Re: Ligurian

From: Bhrihskwobhloukstroy
Message: 69458
Date: 2012-04-29

2012/4/29, Tavi <oalexandre@...>:
>> > As I see it, the "PIE" reconstructed by IE-ists represents a later
> stage
>> > (and certainly not a real protolanguage) within the IE family whose
>> > antiquity is Late Neolithic at the most (in some cases it's even
> more
>> > recent), so it it can't valid for older stages.
>> "It can't be valid for older stages" AS YOU SEE IT, that's
>> obvious. You still have given no reason for this assumption. It's just
>> Your word. Until You don't demonstrate it, it is like conceding that
>> I'm right
> On the contrary, the burden of proof is on you, not me. I'd recommend
> you read Adrados' 3-stage IE model.
I'm astonished by the degree of certainty with which You assume
that I have never read Adrados. Ig You so patently make such mistakes
in thinking what a present-day man like has done or not, You can
imagine the confidence You need in reconstructing Prehistory...
But above all what's marvellous is Your refusal of giving
demonstration. You believe that Your Word is Gospel. Have You noticed
how rarely You accept a real confrontation? You seem to be able only
to state what You think and to show how strong is Your conviction, but
that's all

>> there's still a period of time in which only PIE has
>> been the relevant language (and Altaic was already separated). You
>> reduce this period to a minimum; it's just Your hypothesis, not a fact
> Surely not "PIE" (which is a much modern and somewhat fictious entity)
> not several paleo-IE dialects.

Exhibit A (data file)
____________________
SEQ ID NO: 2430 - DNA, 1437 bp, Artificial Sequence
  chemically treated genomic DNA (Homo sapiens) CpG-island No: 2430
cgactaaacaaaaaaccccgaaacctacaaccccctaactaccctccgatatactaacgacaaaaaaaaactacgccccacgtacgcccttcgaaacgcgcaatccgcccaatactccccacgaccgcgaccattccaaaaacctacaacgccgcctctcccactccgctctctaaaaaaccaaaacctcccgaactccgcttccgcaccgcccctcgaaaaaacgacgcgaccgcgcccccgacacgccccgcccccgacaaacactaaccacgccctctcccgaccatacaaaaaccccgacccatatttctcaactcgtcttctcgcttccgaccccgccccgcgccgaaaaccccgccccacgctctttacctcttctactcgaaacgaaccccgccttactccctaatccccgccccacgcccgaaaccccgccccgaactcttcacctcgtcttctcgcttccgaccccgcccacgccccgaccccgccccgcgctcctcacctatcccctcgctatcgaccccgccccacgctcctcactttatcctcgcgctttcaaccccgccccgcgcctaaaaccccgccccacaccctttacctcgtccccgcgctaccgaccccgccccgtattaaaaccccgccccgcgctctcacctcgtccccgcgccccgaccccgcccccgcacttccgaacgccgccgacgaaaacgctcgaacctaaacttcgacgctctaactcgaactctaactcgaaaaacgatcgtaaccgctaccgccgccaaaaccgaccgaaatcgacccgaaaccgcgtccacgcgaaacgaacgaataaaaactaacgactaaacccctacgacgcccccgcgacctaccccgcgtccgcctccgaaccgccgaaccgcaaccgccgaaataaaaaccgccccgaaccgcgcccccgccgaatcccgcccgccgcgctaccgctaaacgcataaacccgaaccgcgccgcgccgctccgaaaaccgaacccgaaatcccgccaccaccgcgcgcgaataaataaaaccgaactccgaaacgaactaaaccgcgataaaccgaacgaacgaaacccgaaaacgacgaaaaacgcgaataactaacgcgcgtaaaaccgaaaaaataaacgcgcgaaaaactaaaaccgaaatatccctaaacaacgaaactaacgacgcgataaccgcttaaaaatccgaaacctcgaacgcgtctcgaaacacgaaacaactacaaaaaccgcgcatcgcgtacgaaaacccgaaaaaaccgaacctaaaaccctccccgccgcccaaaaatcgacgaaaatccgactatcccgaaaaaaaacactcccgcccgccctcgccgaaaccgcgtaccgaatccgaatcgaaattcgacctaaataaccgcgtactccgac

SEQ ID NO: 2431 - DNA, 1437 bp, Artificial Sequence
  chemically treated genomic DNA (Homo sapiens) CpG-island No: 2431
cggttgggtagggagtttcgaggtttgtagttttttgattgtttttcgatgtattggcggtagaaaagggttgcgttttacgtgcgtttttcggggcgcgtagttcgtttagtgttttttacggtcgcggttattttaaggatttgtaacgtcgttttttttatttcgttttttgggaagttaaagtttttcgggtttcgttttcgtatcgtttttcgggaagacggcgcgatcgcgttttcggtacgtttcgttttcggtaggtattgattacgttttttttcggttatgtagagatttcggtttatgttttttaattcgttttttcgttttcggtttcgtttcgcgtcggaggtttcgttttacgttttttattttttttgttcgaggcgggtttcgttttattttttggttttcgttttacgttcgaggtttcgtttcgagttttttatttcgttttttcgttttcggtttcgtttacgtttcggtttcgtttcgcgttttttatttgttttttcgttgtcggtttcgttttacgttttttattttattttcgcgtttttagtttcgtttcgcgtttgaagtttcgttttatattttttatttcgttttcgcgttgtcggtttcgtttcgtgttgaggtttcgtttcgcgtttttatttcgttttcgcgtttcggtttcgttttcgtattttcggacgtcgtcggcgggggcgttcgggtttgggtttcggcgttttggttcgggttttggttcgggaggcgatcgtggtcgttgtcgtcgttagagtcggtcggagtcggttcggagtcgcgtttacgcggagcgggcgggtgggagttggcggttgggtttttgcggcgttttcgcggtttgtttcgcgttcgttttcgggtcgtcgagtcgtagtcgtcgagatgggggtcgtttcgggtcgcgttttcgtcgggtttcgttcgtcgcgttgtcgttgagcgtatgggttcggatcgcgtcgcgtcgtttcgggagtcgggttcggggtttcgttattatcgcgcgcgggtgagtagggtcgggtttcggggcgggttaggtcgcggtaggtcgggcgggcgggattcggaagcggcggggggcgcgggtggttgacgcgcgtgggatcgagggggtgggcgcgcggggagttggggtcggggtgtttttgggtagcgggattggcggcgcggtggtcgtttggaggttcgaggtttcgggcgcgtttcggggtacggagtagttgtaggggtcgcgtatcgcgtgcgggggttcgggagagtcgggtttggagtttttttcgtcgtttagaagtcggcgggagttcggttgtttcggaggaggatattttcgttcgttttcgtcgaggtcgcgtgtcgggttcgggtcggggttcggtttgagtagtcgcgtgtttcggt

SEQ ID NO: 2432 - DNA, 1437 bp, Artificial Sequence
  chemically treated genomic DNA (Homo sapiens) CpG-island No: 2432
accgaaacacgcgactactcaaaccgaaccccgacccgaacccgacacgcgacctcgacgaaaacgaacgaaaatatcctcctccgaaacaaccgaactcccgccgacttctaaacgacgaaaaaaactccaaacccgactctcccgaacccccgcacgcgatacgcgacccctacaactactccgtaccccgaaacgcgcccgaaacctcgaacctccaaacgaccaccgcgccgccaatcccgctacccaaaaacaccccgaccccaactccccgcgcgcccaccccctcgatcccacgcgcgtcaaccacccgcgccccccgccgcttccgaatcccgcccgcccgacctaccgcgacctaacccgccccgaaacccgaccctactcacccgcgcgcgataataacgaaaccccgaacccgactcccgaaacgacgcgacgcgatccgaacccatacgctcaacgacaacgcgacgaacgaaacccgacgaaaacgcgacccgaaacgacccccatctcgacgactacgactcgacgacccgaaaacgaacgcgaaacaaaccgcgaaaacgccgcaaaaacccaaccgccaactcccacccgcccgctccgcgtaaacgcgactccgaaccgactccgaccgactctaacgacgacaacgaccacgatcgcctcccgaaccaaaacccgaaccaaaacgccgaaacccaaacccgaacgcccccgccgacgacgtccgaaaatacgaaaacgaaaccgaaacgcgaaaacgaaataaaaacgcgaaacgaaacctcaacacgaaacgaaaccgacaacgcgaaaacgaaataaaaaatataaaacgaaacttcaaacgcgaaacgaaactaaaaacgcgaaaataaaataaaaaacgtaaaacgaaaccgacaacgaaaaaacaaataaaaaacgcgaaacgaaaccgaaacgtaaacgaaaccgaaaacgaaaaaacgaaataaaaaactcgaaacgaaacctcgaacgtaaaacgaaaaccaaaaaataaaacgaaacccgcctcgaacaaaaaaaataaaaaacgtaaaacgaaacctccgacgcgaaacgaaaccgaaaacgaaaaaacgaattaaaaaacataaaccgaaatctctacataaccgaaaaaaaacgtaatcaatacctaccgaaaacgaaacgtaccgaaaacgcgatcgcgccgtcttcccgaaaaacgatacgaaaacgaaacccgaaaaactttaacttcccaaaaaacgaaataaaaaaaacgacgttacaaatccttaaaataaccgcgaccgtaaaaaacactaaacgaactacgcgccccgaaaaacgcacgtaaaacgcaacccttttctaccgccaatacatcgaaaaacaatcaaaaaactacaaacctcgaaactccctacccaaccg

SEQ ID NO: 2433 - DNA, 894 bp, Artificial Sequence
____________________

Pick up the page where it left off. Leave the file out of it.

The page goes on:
Do You see? "Surely", You are always so sure, like babies. I don't
dare to imagine who a person like You would have been in past

> there're means of absolute dating for words relative to
> domesticated animals and plants, technological inventions and so on.

Of course. Neolithic IE words belong to the Neolithic; other words
to Palaeolithic. Similarly, every language has different diachronic
lexical layers

>> You too are unable to distinguish possible loanwords from possibly
>> inherited forms. Same flaw

> Not exactly. My model is multi-layer, i.e. I study the various lexicon
> layers in a given language (which are consequence of language contact
> and/or replacement processes) and their external relationships.

You always consider every isogloss between IE languages and
(supposedly) non-IE languages as loans (and always from non-IE to IE)
and never as genetic cognates. This is a strong model, not THE Truth

> I stand by my Vasco-Caucasian etymology because it's consistent with the
> hypothesis that the Neolithic farmers who colonized Europe from the Near
> East à la Renfrew spoke language of that phylum. In the case of this
> and other VC loanwords in Celtic, I think they correspond to the
> languages spoken by people of the Megalithic Culture, who preceded
> Celtic speakers in the Altalantic fringe.

once again, You have given a splendid description of Your model.
Let's agree that it's by now completely clear, I'll continue to read
with great interest Your etymologies, well knowing the model in which
they are embedded. I pray You to stop criticizing my model and to
limit Yourself to internal critiques (in case my etymologies aren't
coherent with my own model)